Most (if not all) PC gamers over here rely on piracy by downloading the title themselves or even buying bootleg copies, witch can be bought for about 15 to 30 dollars depending on the title and/or seller... and most of the bootleggers Remove the DRM from the game. Hell piracy over here is so organized that stores/sellers (mostly stands/kiosks) offer Guarantee over their bootlegs, and that includes the bypassing of the DRM! (yes this is a rather weird country)

However, I can see the problem, with the increase of DRM the companies alienate the buyers, either because they DON'T want to re-buy a game just because installing limits, the secuROM/ whatever other software the companies put in utterly screws their machines, leading to data, time and money lost... and that's only two reasons I can come up with from the top of my head.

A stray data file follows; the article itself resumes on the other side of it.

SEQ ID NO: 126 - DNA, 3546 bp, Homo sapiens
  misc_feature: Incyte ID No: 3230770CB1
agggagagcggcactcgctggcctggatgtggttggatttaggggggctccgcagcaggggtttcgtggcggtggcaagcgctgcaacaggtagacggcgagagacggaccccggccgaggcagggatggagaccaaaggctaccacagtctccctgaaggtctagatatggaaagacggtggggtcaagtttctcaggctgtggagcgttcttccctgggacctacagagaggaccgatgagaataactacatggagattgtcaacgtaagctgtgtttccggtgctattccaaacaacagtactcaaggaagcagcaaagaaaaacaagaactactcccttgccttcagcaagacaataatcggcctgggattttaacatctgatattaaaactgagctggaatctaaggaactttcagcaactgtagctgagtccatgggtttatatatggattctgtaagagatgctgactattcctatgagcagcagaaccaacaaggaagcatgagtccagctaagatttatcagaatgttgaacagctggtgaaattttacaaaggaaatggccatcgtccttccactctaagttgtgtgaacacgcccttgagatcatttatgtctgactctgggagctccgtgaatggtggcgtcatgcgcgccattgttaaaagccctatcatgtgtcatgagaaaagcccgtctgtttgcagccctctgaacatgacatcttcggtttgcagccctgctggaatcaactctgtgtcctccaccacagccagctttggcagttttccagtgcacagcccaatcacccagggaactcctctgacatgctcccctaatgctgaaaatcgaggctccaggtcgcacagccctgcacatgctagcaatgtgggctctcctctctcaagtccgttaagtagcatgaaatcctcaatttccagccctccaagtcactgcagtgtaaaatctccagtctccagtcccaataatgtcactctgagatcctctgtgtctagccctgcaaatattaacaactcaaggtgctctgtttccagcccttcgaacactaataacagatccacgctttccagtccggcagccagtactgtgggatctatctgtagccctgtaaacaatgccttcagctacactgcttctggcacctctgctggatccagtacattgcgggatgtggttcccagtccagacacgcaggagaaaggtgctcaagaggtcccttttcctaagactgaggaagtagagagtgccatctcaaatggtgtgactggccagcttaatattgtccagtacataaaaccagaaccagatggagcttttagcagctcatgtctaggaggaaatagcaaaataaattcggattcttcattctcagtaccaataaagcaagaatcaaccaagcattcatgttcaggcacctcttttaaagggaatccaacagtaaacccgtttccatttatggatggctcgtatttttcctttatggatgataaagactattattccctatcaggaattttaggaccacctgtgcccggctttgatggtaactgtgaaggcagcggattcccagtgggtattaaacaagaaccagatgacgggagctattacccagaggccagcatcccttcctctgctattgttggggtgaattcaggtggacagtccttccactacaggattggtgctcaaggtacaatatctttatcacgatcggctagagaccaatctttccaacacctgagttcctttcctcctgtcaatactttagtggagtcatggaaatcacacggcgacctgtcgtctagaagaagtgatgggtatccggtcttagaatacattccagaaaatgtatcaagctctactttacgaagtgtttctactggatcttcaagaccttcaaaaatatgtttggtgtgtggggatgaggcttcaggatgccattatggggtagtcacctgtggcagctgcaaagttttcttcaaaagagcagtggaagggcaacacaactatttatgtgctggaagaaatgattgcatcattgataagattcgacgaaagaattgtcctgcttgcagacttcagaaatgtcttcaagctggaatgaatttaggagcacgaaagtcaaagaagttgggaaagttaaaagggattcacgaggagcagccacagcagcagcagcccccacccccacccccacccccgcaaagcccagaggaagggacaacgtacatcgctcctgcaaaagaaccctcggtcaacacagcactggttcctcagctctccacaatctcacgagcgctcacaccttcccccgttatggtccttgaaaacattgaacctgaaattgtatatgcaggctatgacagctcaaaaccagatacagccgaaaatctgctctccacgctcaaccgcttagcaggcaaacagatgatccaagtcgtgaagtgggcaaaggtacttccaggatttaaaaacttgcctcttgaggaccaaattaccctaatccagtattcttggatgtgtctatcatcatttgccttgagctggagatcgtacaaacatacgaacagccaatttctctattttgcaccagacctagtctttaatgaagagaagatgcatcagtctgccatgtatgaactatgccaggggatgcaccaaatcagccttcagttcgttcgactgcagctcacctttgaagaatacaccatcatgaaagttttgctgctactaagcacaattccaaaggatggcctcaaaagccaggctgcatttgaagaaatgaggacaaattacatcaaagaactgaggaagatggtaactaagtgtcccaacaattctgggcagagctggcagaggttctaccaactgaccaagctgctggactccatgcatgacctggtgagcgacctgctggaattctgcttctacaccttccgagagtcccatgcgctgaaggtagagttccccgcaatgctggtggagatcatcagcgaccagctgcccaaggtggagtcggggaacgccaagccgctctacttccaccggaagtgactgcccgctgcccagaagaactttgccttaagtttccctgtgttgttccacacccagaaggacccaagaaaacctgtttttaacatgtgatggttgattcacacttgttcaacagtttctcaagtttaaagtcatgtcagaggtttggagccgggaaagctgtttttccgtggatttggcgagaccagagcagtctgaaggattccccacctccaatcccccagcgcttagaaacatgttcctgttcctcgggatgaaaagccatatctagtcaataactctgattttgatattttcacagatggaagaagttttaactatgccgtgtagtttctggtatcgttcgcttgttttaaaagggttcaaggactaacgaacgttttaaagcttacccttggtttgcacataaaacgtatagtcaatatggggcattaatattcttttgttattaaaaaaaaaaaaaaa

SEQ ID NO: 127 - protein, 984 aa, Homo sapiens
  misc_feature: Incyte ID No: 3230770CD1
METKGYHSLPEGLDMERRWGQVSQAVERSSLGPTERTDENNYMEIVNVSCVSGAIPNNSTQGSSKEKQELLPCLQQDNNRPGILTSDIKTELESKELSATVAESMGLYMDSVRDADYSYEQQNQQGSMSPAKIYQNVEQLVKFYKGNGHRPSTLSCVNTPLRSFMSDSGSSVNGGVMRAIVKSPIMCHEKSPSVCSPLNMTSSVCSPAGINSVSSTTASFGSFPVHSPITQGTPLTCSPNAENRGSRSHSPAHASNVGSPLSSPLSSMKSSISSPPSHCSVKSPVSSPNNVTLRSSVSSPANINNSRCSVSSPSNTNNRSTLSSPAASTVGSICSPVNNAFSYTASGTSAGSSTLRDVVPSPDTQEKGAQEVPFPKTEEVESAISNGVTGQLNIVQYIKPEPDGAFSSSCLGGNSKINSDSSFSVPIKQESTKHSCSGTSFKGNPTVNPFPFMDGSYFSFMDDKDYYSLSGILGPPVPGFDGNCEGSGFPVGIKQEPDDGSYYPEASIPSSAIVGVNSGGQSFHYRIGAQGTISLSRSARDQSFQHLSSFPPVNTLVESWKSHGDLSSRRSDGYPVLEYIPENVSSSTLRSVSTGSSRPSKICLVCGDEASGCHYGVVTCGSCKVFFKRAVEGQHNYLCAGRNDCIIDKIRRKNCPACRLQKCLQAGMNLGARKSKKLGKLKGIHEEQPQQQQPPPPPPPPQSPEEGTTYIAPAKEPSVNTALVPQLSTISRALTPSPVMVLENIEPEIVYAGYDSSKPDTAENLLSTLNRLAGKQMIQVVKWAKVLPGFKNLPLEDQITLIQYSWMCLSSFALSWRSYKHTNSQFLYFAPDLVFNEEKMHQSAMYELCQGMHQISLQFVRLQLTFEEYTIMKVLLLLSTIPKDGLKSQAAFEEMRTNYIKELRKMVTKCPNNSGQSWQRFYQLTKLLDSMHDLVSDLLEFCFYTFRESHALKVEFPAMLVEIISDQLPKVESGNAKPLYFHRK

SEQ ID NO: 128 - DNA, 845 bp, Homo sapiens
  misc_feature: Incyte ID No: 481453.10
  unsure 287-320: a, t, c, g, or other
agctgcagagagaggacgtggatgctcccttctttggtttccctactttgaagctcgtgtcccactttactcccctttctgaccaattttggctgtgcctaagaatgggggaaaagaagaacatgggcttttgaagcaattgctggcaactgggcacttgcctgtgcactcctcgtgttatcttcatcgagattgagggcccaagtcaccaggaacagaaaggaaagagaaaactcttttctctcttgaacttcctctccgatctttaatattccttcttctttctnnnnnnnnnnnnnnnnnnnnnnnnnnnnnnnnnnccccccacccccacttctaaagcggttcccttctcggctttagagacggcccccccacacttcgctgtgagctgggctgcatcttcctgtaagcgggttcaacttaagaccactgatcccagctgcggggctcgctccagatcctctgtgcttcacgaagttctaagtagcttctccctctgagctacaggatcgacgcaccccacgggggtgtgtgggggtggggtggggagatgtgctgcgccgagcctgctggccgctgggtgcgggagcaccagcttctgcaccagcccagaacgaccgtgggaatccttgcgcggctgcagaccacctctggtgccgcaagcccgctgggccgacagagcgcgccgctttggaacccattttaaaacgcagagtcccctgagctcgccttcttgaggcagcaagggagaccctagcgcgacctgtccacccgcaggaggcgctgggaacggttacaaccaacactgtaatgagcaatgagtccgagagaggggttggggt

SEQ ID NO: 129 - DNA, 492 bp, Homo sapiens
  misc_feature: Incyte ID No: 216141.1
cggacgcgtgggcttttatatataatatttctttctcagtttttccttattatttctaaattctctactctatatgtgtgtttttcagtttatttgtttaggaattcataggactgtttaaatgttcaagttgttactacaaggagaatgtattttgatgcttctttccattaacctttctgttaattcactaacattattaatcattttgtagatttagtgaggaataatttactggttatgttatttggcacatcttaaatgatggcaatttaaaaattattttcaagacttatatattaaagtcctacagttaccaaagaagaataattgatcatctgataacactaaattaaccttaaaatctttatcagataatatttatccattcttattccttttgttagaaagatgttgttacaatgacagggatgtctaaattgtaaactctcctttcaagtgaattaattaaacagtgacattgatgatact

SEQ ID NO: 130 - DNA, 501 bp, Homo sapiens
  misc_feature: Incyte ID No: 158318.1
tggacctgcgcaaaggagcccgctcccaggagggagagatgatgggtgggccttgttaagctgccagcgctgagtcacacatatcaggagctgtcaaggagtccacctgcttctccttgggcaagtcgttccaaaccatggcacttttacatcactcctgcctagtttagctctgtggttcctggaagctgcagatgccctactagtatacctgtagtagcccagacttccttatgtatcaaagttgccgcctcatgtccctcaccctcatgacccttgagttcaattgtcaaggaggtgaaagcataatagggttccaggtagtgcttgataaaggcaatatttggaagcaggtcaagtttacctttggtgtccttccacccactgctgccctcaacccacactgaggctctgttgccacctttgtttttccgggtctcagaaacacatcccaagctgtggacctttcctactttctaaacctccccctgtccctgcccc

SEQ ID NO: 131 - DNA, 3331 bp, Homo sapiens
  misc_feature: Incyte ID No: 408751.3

My point is, how long before the companies realize that if they keep this up they could be seeing the kind of thing that happens over here in my country spreading farther? most PC buyers purposely AVOID DRM-protected games already, when are they going to realize this hurts them where they feel it the most, their profits?

gee this just gets me to consider ... quitting gaming ... WTF i hear you say ? ... it's getting so technical that it will be too expensive to play anymore ... they are going to go digtal someday just because of one thing .... M-O-N-E-Y ... they lose lots through piracy and don't want to share ... yeah it's bullshit